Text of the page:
An achoholic in the UK..

United States
July 20, 2009 6:53pm CST
I can't post links here but I saw on the drudge report that a 22 year old from the UK was refused a liver transplant cause the system didn't think he would be able to stay sober... You guessed it of what health care they have!! Now I know the guy was a drunk and as goes with smokers they never truly quit until they are diagnosed with cancer or something. What gives the government the right to tell him they think he won't quit and therefore he has to die?? The man was 22, everyone thinks they're invinsible at that age.
1 person likes this
3 responses
@nicholejade (2430)
• Canada
21 Jul 09
This may come off a little harsh but I do agree that why should he get a liver transplant when he damaged it by drinking in the first place. I am sure most of us know that drinking causes liver damage over time. However I do feel for this guy because he is so young. But the government can't bend over backwards for this guy as there are many others that need a liver and they never drank in their life. I know here in Canada we have a huge guideline and stipulations that they have to follow as well. But I am saddened because he is such a young guy.
@Rollo1 (16699)
• Boston, Massachusetts
21 Jul 09
I did see this and it is very sad. Of course, even here in the US he might not have gotten a liver in time, because even if approved there could be a long wait. I saw a case not too long ago that pointed out the insanity of NHS rules as regards who is and is not eligible for care. A fellow had broken an ankle, and even though it had been set, it had not healed properly because they only casted it, when it really required surgery to insert pins. He is unable to work because of this ankle that healed improperly, but he is unable to get the surgery on his ankle because he smokes. That's right. According to the NHS, certain services and surgery can be denied to people who smoke or who are overweight. They are punishing people basically for personal habits they dislike. Now, smoking has very little to do with a broken ankle, but no matter. Rules are rules. So this guy can't work and can't have surgery unless he stops smoking. In the meantime, he is collecting benefits due to his disability and they can't stop paying him unless they make him well which they won't do because he smokes which he doesn't really need to stop doing because he's still getting paid for not working. Welcome to the wonderful world of nationalized health care.
23 Jul 09
Thing is though, smoking is related because 'it has a very big influence on the outcome of this type of surgery and the healing process would be hindered significantly' according to the hospital that are refusing to operate on Mr Nuttall. I am not a doctor but I'm willing to believe that this is a good enough reason not to operate. However, this case does highlight how two government departments - the Department of Health and the Department for Work and Pensions - don't always work together.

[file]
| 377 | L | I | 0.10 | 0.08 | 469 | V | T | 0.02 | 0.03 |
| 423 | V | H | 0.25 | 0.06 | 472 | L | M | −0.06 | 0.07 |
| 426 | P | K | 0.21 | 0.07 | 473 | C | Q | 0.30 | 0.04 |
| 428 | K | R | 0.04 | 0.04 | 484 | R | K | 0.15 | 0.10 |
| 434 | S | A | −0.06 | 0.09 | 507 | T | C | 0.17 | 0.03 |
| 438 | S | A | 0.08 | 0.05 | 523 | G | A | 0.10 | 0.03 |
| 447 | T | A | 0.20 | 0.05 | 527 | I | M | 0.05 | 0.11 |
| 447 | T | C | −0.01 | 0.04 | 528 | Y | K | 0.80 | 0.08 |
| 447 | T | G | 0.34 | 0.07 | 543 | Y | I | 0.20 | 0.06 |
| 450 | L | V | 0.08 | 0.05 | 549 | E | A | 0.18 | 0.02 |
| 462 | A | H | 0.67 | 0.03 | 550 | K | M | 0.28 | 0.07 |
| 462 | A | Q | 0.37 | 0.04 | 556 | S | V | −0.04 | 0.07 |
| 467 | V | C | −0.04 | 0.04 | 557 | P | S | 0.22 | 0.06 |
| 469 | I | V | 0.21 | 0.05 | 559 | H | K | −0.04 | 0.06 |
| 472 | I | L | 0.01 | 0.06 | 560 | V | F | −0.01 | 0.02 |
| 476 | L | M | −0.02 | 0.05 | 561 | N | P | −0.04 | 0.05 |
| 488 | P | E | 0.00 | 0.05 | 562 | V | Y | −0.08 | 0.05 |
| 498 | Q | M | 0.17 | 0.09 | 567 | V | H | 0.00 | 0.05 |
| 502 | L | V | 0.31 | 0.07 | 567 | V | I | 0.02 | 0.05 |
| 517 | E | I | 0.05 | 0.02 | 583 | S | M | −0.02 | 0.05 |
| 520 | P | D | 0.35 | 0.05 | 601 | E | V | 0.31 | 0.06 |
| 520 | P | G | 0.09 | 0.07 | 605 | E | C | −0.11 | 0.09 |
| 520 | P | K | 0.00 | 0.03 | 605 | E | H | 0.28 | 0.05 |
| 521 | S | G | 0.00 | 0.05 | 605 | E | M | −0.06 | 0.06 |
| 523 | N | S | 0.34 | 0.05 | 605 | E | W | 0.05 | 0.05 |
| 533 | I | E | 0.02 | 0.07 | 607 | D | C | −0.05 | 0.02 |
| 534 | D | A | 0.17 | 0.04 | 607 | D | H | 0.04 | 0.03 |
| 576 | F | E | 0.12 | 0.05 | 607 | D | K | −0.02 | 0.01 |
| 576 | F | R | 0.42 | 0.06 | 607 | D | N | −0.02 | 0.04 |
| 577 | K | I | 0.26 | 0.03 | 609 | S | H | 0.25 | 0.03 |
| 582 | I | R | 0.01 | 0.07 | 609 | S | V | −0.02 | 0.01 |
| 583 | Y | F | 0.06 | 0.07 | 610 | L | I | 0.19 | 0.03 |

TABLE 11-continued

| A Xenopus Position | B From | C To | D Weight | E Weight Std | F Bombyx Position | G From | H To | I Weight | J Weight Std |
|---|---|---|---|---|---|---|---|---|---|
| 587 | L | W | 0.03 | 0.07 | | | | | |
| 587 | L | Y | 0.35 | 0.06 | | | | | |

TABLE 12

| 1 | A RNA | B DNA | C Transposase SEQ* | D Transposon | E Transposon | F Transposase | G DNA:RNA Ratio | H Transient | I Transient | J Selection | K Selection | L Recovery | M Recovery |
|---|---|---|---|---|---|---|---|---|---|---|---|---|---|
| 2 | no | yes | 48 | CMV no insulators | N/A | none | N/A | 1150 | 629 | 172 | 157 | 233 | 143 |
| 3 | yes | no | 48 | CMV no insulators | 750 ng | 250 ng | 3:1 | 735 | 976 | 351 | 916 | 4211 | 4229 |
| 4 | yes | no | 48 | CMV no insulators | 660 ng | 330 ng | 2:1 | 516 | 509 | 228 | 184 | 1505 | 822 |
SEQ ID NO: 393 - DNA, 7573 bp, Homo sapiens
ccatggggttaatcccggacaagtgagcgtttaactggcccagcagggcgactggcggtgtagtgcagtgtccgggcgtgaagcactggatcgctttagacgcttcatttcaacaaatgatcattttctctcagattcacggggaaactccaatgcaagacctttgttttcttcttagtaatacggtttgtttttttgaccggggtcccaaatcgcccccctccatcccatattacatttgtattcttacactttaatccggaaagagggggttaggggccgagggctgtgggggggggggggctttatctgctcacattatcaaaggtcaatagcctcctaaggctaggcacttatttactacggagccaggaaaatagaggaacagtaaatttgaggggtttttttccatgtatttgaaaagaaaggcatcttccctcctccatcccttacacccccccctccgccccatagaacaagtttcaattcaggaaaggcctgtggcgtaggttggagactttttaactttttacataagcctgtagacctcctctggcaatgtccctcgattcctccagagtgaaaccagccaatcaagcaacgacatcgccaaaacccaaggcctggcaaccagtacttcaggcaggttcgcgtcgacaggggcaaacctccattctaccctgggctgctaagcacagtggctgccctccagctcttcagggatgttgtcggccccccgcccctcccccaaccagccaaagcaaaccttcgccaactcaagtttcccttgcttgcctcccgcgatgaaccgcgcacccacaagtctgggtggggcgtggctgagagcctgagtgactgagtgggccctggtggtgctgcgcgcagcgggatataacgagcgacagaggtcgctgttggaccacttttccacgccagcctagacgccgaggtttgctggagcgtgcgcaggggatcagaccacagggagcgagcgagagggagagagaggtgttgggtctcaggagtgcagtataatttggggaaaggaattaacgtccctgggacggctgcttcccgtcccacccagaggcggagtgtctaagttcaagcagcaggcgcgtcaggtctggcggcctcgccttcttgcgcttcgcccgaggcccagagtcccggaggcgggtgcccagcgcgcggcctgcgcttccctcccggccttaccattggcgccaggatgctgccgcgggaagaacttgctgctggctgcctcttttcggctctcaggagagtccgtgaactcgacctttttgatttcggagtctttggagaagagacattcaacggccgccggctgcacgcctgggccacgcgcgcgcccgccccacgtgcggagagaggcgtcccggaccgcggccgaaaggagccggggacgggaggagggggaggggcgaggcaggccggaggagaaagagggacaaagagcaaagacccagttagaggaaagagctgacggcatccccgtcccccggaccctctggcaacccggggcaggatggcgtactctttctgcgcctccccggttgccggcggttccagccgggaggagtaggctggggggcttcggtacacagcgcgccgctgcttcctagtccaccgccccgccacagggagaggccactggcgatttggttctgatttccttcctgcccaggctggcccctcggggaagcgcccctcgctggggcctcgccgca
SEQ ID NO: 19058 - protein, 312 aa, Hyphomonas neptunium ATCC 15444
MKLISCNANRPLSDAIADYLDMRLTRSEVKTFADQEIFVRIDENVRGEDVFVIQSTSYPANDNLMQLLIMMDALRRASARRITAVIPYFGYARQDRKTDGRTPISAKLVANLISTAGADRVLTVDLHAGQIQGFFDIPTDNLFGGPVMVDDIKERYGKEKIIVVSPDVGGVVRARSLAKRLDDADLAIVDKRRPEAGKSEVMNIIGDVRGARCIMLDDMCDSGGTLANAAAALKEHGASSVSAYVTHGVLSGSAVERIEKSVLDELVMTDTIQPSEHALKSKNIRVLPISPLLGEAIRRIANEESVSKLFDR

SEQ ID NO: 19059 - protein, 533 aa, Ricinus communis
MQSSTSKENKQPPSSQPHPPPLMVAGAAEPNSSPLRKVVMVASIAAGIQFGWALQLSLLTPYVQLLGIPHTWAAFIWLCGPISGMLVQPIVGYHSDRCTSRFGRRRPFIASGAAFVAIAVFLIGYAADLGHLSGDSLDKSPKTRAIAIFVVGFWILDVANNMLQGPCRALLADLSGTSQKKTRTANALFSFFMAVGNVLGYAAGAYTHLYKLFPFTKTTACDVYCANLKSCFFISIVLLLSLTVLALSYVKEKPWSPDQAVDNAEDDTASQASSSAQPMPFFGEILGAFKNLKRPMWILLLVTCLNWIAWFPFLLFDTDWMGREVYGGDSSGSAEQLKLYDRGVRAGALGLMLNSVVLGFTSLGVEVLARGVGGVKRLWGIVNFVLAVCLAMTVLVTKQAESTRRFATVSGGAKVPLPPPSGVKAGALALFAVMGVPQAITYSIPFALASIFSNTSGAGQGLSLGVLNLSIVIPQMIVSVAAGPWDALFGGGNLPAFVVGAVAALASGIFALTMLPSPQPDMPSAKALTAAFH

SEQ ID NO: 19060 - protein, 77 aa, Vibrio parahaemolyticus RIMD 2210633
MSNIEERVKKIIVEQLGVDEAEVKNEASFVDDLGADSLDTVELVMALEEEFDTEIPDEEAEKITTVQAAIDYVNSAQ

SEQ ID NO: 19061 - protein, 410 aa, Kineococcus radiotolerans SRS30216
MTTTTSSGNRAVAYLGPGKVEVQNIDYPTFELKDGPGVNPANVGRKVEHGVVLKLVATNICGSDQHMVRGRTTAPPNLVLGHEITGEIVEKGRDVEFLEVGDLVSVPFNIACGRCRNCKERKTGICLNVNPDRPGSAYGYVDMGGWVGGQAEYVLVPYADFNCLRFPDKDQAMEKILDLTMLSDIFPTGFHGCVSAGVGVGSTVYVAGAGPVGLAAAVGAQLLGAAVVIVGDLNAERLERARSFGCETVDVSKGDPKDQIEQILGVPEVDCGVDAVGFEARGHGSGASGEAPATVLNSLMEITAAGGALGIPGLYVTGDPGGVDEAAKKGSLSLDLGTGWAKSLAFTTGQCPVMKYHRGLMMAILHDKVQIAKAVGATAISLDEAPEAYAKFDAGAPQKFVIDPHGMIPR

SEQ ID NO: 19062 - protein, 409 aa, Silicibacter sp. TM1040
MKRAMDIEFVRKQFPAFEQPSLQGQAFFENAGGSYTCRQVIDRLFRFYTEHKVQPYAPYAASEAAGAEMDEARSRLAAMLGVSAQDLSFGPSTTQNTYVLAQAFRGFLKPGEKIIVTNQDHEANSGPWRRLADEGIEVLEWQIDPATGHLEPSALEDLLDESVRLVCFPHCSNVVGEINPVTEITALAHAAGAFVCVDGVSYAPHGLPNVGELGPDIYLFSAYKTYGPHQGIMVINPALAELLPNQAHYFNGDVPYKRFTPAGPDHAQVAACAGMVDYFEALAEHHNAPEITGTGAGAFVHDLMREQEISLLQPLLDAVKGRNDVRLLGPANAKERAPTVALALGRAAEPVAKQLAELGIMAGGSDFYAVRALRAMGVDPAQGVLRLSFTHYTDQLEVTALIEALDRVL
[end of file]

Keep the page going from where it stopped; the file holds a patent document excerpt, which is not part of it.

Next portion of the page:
1 person likes this
@Rollo1 (16699)
• Boston, Massachusetts
23 Jul 09
Well, I completely understand non-smokers feeling this way but I am a smoker and I have had several surgeries, even having been told once that I healed surprisingly quickly for that type of incision. So, I frankly don't believe that smoking is a good enough reason not to surgically reset a broken ankle. In fact, it's a fact that nicotine blocks pain receptors in the brain and the CDC issued a report indicating that smoking patients should be given special consideration in pain management due to the fact that they will be denied this pain-blocking substance following surgery. Hey, maybe he would quit during his hospital stay. The real reason is the nanny state punishing those who don't do as they say. The taxes on smokes is high to make it financially difficult for people to smoke. Yet motorcycle fatalities are much higher than those for people in cars but taxes on motorcycles are not higher than those on other vehicles. One day, they may be. They just haven't gotten around to it yet.
@xfahctor (14126)
• Lancaster, New Hampshire
21 Jul 09
Actually many hospitals here also prioritize transplants the same way. They go through the list of recipiants and choose the best candidates for the transplant.